Work-life balance, opportunities for advancement, and a stable career path – who wouldn’t want to land a job with these qualities? And yet, millennials are still not entering the insurance industry in the numbers needed to replace a retiring workforce.
“It’s a great field, but I really don’t believe that the industry does enough to promote just how good a field it is,” said Robert Pettinicchi (pictured), executive vice president and chief lending officer at InsurBanc, which specializes in insurance agency perpetuation, acquisition and debt consolidation transactions.
Agencies especially aren’t grabbing the attention of students graduating from risk management programs who often end up being quickly picked off by carriers. It’s a lost opportunity, says Pettinicchi, because a young agent knows their demographic well.
“What the young agent can bring to an agency is how to market to a young person or to younger people,” he told Insurance Business, adding that stats show the world of agencies is populated by employees from older generations. “There’s a tremendous opportunity if the right talent is brought in to step into those roles.”
Getting exposure to the work done at an agency is key in the development of a young person’s sales skills, which are crucial to succeed as an agent. Though insurance is something that everybody needs, it does involve a sales process, says the executive VP. It takes people who can present well, work collaboratively, and, when all is said and done, make the sale. As new entrants to the industry, millennials need a hand in cultivating those skills.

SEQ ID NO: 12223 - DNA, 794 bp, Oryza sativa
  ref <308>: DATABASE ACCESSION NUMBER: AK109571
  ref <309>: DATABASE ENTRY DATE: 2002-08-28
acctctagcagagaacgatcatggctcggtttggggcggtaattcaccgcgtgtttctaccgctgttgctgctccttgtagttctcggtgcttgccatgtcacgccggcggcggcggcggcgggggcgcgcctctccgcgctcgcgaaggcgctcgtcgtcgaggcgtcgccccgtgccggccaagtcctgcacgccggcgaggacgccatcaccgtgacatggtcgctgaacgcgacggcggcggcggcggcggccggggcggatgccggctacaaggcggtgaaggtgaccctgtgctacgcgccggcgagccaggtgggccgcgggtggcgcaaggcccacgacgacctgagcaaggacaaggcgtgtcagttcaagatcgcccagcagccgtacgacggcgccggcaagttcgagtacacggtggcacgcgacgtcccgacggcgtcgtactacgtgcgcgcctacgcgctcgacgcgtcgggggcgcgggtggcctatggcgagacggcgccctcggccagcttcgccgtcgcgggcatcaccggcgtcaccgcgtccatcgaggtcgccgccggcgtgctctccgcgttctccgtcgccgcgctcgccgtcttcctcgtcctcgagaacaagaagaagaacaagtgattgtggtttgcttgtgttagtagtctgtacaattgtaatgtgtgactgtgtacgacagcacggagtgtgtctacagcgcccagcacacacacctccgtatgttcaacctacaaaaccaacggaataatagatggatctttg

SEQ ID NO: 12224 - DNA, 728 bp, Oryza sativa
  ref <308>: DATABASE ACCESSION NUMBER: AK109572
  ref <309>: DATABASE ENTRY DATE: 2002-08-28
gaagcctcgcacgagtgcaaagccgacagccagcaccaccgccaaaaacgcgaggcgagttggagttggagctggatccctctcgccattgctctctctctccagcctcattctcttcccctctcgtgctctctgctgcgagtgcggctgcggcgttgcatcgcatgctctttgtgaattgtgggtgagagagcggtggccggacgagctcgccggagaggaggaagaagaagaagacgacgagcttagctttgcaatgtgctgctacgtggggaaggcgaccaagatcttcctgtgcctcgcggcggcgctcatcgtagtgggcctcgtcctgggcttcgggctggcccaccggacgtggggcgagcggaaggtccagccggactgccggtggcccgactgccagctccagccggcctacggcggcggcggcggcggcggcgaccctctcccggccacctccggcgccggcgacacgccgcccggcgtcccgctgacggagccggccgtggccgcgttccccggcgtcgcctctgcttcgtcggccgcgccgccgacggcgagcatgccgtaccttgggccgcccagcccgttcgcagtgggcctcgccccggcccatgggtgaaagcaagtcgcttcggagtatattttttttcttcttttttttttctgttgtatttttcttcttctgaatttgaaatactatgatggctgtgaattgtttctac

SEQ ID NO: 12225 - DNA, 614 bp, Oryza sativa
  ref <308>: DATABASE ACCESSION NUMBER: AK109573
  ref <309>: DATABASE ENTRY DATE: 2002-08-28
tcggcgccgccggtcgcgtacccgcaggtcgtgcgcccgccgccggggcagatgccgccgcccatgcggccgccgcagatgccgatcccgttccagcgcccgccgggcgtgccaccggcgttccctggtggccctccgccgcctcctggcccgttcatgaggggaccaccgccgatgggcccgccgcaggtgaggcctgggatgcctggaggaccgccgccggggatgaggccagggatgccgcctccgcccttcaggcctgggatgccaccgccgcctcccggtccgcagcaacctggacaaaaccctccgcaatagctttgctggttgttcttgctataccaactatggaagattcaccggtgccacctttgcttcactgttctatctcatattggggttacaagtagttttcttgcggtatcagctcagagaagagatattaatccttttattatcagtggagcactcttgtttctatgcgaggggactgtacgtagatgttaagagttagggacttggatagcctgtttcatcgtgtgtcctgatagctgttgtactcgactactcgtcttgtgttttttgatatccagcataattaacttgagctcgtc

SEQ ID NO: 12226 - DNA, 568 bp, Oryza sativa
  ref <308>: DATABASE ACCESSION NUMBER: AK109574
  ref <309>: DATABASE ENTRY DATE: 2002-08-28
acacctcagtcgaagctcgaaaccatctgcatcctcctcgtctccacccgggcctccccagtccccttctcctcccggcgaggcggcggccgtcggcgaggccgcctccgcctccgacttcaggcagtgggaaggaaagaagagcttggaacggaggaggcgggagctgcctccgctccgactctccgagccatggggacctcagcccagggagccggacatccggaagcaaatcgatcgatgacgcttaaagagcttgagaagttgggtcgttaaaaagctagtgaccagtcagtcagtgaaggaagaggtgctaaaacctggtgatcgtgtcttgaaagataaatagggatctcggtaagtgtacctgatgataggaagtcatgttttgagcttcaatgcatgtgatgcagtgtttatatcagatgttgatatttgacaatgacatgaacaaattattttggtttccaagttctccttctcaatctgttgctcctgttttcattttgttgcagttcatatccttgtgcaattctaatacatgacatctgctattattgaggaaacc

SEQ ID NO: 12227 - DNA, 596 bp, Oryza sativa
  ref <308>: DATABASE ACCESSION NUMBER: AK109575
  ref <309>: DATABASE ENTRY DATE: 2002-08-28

“They’re good with problem-solving, collaborating, working in groups, and working in teams, but when it comes to that one-on-one sales process, that’s where they’ll need the development and there’s no greater place than an insurance agency to do that and learn that,” said Pettinicchi.
For young people with an entrepreneurial drive, working at an agency can open doors for business ownership later on. Many probably don’t set out with a clear goal of starting their own insurance agency, even though this doesn’t necessarily require a high capital cost of business, but that first job could be the start of a long and rewarding career that eventually leads to owning an agency. Nonetheless, that journey can’t start if young agents aren’t walking in the door to begin with.
“You’ve got to get your feet wet and see how it’s done, and be in a position where you could model some behaviors from people who are real top performers,” said Pettinicchi.
Robert J. Pettinicchi is chief lending officer of InsurBanc, a division of Connecticut Community Bank, N.A., a community focused commercial bank with a specialty in providing banking products and services to independent insurance agencies. He can be reached at firstname.lastname@example.org / www.insurbanc.com.